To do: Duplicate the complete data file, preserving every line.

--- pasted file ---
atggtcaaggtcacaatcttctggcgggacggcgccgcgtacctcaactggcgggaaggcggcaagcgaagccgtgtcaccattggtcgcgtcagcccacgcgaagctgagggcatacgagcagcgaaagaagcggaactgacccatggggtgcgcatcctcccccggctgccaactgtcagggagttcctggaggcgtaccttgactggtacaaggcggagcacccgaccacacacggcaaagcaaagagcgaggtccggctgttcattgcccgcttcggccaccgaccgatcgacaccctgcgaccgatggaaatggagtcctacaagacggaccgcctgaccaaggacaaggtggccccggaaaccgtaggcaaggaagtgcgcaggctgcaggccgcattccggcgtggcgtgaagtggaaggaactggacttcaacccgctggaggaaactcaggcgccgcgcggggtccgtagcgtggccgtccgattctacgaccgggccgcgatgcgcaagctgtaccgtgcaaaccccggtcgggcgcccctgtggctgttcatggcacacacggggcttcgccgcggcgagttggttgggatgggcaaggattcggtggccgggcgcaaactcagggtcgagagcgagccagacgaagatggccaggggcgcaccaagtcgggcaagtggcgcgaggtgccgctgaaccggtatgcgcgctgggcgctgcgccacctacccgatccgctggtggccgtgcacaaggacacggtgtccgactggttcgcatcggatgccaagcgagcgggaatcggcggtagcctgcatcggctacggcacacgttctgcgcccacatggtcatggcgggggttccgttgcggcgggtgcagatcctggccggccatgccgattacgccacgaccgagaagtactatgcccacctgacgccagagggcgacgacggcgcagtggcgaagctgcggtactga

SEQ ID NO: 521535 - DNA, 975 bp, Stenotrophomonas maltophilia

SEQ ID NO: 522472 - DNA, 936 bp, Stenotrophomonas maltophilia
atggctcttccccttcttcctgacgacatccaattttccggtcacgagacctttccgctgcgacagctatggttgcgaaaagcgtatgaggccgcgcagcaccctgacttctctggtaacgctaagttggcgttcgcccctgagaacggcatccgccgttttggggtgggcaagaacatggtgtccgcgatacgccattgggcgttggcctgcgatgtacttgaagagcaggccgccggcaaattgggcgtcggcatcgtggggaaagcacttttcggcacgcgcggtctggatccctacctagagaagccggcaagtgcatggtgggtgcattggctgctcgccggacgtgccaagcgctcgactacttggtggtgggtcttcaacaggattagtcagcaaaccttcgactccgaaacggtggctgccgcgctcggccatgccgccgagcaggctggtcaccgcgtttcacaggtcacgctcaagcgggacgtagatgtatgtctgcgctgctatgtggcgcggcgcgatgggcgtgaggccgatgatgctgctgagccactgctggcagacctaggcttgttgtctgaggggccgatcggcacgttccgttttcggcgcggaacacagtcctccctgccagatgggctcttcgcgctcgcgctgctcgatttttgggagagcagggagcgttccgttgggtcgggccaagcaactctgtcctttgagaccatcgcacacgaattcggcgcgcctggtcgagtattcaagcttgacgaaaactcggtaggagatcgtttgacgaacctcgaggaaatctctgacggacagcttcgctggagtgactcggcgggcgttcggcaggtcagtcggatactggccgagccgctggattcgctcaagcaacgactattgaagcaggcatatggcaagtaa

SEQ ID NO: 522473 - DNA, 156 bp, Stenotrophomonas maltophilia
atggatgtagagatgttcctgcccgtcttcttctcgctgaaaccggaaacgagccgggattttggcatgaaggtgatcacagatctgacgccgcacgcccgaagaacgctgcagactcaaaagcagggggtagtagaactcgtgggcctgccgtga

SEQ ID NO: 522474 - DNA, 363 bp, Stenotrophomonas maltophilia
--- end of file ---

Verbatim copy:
atggtcaaggtcacaatcttctggcgggacggcgccgcgtacctcaactggcgggaaggcggcaagcgaagccgtgtcaccattggtcgcgtcagcccacgcgaagctgagggcatacgagcagcgaaagaagcggaactgacccatggggtgcgcatcctcccccggctgccaactgtcagggagttcctggaggcgtaccttgactggtacaaggcggagcacccgaccacacacggcaaagcaaagagcgaggtccggctgttcattgcccgcttcggccaccgaccgatcgacaccctgcgaccgatggaaatggagtcctacaagacggaccgcctgaccaaggacaaggtggccccggaaaccgtaggcaaggaagtgcgcaggctgcaggccgcattccggcgtggcgtgaagtggaaggaactggacttcaacccgctggaggaaactcaggcgccgcgcggggtccgtagcgtggccgtccgattctacgaccgggccgcgatgcgcaagctgtaccgtgcaaaccccggtcgggcgcccctgtggctgttcatggcacacacggggcttcgccgcggcgagttggttgggatgggcaaggattcggtggccgggcgcaaactcagggtcgagagcgagccagacgaagatggccaggggcgcaccaagtcgggcaagtggcgcgaggtgccgctgaaccggtatgcgcgctgggcgctgcgccacctacccgatccgctggtggccgtgcacaaggacacggtgtccgactggttcgcatcggatgccaagcgagcgggaatcggcggtagcctgcatcggctacggcacacgttctgcgcccacatggtcatggcgggggttccgttgcggcgggtgcagatcctggccggccatgccgattacgccacgaccgagaagtactatgcccacctgacgccagagggcgacgacggcgcagtggcgaagctgcggtactga

SEQ ID NO: 521535 - DNA, 975 bp, Stenotrophomonas maltophilia

SEQ ID NO: 522472 - DNA, 936 bp, Stenotrophomonas maltophilia
atggctcttccccttcttcctgacgacatccaattttccggtcacgagacctttccgctgcgacagctatggttgcgaaaagcgtatgaggccgcgcagcaccctgacttctctggtaacgctaagttggcgttcgcccctgagaacggcatccgccgttttggggtgggcaagaacatggtgtccgcgatacgccattgggcgttggcctgcgatgtacttgaagagcaggccgccggcaaattgggcgtcggcatcgtggggaaagcacttttcggcacgcgcggtctggatccctacctagagaagccggcaagtgcatggtgggtgcattggctgctcgccggacgtgccaagcgctcgactacttggtggtgggtcttcaacaggattagtcagcaaaccttcgactccgaaacggtggctgccgcgctcggccatgccgccgagcaggctggtcaccgcgtttcacaggtcacgctcaagcgggacgtagatgtatgtctgcgctgctatgtggcgcggcgcgatgggcgtgaggccgatgatgctgctgagccactgctggcagacctaggcttgttgtctgaggggccgatcggcacgttccgttttcggcgcggaacacagtcctccctgccagatgggctcttcgcgctcgcgctgctcgatttttgggagagcagggagcgttccgttgggtcgggccaagcaactctgtcctttgagaccatcgcacacgaattcggcgcgcctggtcgagtattcaagcttgacgaaaactcggtaggagatcgtttgacgaacctcgaggaaatctctgacggacagcttcgctggagtgactcggcgggcgttcggcaggtcagtcggatactggccgagccgctggattcgctcaagcaacgactattgaagcaggcatatggcaagtaa

SEQ ID NO: 522473 - DNA, 156 bp, Stenotrophomonas maltophilia
atggatgtagagatgttcctgcccgtcttcttctcgctgaaaccggaaacgagccgggattttggcatgaaggtgatcacagatctgacgccgcacgcccgaagaacgctgcagactcaaaagcagggggtagtagaactcgtgggcctgccgtga

SEQ ID NO: 522474 - DNA, 363 bp, Stenotrophomonas maltophilia